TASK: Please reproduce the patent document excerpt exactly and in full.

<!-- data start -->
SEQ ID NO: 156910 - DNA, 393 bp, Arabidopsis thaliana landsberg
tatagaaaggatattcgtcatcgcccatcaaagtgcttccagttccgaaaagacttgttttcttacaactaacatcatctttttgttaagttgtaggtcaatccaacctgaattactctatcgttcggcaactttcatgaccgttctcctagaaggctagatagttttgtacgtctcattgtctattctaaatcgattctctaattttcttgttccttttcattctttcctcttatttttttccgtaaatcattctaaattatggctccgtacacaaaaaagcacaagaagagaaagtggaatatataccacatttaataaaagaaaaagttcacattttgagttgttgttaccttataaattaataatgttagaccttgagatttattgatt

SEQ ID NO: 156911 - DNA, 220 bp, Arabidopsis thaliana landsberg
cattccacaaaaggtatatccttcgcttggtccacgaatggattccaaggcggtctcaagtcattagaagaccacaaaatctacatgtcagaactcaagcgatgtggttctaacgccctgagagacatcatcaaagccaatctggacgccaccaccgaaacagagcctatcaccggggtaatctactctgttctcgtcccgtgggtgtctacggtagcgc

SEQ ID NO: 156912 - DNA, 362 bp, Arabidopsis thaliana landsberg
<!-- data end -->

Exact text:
SEQ ID NO: 156910 - DNA, 393 bp, Arabidopsis thaliana landsberg
tatagaaaggatattcgtcatcgcccatcaaagtgcttccagttccgaaaagacttgttttcttacaactaacatcatctttttgttaagttgtaggtcaatccaacctgaattactctatcgttcggcaactttcatgaccgttctcctagaaggctagatagttttgtacgtctcattgtctattctaaatcgattctctaattttcttgttccttttcattctttcctcttatttttttccgtaaatcattctaaattatggctccgtacacaaaaaagcacaagaagagaaagtggaatatataccacatttaataaaagaaaaagttcacattttgagttgttgttaccttataaattaataatgttagaccttgagatttattgatt

SEQ ID NO: 156911 - DNA, 220 bp, Arabidopsis thaliana landsberg
cattccacaaaaggtatatccttcgcttggtccacgaatggattccaaggcggtctcaagtcattagaagaccacaaaatctacatgtcagaactcaagcgatgtggttctaacgccctgagagacatcatcaaagccaatctggacgccaccaccgaaacagagcctatcaccggggtaatctactctgttctcgtcccgtgggtgtctacggtagcgc

SEQ ID NO: 156912 - DNA, 362 bp, Arabidopsis thaliana landsberg